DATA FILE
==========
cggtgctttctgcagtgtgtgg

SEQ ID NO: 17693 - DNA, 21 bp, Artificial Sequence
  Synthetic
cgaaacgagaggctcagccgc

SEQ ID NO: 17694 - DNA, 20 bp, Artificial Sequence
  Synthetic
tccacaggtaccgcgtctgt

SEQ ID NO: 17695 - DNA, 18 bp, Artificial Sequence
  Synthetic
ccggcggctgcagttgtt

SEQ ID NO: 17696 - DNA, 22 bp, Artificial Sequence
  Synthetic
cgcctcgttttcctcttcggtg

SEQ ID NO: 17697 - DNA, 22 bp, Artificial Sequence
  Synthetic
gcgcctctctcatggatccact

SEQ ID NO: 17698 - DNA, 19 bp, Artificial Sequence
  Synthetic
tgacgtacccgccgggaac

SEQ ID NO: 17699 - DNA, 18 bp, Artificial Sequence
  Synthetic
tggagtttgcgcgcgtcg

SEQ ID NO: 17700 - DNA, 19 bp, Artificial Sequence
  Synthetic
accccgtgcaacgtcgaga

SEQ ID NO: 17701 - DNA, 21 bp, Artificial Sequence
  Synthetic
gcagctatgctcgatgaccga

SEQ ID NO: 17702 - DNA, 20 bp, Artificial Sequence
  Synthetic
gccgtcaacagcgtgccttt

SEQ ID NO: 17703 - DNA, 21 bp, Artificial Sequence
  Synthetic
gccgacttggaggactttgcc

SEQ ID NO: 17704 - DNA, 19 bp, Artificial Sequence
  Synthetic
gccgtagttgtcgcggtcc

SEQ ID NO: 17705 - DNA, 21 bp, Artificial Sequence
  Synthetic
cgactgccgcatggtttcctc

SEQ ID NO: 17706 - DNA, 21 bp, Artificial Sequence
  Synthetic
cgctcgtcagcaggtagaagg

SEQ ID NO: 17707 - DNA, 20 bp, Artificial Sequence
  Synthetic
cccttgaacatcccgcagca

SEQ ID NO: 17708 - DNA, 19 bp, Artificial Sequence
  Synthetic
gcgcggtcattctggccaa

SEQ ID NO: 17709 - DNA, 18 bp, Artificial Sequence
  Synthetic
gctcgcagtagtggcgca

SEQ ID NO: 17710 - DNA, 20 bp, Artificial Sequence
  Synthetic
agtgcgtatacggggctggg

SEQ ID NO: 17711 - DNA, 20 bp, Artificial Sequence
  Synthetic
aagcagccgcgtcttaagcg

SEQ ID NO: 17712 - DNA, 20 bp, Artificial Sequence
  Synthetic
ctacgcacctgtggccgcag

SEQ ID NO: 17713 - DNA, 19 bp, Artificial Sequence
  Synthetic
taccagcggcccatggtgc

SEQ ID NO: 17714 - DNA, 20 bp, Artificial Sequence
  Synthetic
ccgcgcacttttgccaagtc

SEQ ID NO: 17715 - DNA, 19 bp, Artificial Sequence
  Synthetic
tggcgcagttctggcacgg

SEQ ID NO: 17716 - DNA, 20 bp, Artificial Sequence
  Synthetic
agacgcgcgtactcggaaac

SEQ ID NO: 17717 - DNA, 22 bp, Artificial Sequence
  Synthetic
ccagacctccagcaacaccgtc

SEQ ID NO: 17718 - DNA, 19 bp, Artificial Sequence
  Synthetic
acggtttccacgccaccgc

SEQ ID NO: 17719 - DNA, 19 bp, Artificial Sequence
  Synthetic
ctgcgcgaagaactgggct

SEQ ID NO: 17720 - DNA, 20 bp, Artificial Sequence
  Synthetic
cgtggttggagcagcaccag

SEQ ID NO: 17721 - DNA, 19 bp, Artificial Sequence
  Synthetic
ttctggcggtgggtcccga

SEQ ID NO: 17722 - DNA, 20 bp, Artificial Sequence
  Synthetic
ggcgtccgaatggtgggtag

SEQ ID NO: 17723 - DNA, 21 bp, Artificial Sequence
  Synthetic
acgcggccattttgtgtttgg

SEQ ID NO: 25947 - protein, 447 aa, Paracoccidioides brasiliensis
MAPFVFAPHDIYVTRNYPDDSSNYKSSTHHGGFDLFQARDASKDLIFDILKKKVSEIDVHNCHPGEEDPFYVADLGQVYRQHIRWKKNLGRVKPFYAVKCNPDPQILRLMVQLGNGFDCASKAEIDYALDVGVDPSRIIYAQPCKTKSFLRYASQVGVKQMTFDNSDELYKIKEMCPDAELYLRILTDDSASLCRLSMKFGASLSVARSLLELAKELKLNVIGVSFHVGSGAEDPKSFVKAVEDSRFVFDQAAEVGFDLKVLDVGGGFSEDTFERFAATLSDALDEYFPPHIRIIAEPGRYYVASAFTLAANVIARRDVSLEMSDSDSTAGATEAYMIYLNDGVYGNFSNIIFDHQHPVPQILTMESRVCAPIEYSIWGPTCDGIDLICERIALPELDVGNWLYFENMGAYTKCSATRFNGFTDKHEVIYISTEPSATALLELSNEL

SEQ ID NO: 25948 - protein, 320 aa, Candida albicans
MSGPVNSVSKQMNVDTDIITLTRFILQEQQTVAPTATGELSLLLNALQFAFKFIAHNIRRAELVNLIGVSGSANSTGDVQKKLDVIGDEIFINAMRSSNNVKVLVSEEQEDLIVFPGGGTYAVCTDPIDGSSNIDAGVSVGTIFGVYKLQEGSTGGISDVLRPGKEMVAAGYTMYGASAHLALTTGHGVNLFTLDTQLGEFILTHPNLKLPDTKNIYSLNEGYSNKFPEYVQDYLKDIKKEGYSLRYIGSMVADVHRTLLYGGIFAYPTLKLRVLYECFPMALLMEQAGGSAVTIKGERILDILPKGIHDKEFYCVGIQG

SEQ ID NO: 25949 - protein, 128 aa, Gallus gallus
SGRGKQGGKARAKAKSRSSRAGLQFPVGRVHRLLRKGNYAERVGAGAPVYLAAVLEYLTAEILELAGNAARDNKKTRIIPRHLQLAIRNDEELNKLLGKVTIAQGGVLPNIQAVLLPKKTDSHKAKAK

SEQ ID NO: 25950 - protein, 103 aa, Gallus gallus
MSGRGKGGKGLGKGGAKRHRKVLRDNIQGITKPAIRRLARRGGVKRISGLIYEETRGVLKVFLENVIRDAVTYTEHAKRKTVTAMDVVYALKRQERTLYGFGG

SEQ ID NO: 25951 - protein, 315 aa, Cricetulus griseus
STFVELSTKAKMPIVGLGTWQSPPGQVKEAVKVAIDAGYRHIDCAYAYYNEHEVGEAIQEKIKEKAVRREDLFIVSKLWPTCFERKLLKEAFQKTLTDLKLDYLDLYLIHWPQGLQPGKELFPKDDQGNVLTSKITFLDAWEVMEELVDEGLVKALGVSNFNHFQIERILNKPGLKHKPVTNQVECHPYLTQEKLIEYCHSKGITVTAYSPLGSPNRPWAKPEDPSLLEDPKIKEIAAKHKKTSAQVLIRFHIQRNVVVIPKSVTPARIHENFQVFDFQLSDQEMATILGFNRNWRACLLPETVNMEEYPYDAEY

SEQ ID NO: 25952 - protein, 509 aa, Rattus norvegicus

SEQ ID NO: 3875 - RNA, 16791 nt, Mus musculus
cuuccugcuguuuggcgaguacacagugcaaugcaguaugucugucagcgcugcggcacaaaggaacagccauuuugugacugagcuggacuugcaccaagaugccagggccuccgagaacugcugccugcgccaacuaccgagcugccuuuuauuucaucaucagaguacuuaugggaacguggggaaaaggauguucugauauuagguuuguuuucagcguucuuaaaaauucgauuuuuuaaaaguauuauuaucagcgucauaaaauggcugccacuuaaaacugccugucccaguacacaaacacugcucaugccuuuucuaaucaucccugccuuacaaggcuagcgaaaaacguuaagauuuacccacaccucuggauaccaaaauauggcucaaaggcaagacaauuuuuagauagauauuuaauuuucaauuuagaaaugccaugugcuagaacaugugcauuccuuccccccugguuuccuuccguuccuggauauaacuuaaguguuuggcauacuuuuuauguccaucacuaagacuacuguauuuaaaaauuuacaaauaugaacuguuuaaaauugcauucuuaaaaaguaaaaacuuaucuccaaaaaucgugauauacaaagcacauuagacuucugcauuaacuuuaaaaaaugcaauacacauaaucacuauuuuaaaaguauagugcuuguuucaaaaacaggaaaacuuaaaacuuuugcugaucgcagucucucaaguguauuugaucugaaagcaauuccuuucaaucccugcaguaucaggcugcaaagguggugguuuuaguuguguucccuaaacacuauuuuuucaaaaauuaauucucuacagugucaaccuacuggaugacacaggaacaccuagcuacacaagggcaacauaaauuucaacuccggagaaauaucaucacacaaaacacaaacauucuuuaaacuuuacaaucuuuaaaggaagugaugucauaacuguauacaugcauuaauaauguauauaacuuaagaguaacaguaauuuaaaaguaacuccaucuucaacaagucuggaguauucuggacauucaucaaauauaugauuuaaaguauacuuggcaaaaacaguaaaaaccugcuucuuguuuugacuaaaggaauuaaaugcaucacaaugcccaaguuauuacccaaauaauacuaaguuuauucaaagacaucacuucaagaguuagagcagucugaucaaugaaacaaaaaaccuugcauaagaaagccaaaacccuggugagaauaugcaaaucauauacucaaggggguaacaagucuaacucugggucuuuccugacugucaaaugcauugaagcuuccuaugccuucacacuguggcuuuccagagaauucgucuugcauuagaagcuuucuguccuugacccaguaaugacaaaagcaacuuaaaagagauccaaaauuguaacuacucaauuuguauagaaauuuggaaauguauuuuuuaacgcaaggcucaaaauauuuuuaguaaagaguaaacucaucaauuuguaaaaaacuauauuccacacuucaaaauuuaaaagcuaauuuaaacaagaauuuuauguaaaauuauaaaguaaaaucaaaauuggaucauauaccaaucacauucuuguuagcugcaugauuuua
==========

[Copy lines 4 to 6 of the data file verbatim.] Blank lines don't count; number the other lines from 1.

cgaaacgagaggctcagccgc

SEQ ID NO: 17694 - DNA, 20 bp, Artificial Sequence
  Synthetic